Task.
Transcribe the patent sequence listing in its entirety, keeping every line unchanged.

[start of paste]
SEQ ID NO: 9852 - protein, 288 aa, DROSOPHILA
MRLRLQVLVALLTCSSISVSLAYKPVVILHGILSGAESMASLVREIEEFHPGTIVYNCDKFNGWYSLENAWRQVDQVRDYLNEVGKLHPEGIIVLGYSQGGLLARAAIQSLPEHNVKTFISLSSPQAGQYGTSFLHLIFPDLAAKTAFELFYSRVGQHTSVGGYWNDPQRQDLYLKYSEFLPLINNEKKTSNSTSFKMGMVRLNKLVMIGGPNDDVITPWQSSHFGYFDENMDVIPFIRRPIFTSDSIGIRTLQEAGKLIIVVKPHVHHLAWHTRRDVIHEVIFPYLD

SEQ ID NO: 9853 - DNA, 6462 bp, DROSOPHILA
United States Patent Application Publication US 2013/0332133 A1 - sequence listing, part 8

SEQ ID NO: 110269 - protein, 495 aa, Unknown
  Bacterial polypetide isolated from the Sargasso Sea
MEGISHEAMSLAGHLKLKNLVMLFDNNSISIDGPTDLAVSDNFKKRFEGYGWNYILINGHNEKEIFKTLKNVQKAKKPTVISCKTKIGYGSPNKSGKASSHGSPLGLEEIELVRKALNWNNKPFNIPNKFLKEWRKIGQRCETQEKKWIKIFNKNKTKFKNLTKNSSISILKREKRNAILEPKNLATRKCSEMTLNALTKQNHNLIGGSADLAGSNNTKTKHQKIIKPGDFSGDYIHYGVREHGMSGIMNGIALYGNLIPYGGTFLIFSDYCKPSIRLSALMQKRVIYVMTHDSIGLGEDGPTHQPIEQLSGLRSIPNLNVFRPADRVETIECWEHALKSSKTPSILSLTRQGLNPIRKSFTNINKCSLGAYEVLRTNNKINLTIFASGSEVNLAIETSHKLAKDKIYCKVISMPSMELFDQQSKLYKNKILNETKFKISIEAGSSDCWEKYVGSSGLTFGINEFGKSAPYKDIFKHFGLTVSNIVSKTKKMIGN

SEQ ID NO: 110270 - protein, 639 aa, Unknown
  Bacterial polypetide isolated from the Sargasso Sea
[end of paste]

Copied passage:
SEQ ID NO: 9852 - protein, 288 aa, DROSOPHILA
MRLRLQVLVALLTCSSISVSLAYKPVVILHGILSGAESMASLVREIEEFHPGTIVYNCDKFNGWYSLENAWRQVDQVRDYLNEVGKLHPEGIIVLGYSQGGLLARAAIQSLPEHNVKTFISLSSPQAGQYGTSFLHLIFPDLAAKTAFELFYSRVGQHTSVGGYWNDPQRQDLYLKYSEFLPLINNEKKTSNSTSFKMGMVRLNKLVMIGGPNDDVITPWQSSHFGYFDENMDVIPFIRRPIFTSDSIGIRTLQEAGKLIIVVKPHVHHLAWHTRRDVIHEVIFPYLD

SEQ ID NO: 9853 - DNA, 6462 bp, DROSOPHILA
United States Patent Application Publication US 2013/0332133 A1 - sequence listing, part 8

SEQ ID NO: 110269 - protein, 495 aa, Unknown
  Bacterial polypetide isolated from the Sargasso Sea
MEGISHEAMSLAGHLKLKNLVMLFDNNSISIDGPTDLAVSDNFKKRFEGYGWNYILINGHNEKEIFKTLKNVQKAKKPTVISCKTKIGYGSPNKSGKASSHGSPLGLEEIELVRKALNWNNKPFNIPNKFLKEWRKIGQRCETQEKKWIKIFNKNKTKFKNLTKNSSISILKREKRNAILEPKNLATRKCSEMTLNALTKQNHNLIGGSADLAGSNNTKTKHQKIIKPGDFSGDYIHYGVREHGMSGIMNGIALYGNLIPYGGTFLIFSDYCKPSIRLSALMQKRVIYVMTHDSIGLGEDGPTHQPIEQLSGLRSIPNLNVFRPADRVETIECWEHALKSSKTPSILSLTRQGLNPIRKSFTNINKCSLGAYEVLRTNNKINLTIFASGSEVNLAIETSHKLAKDKIYCKVISMPSMELFDQQSKLYKNKILNETKFKISIEAGSSDCWEKYVGSSGLTFGINEFGKSAPYKDIFKHFGLTVSNIVSKTKKMIGN

SEQ ID NO: 110270 - protein, 639 aa, Unknown
  Bacterial polypetide isolated from the Sargasso Sea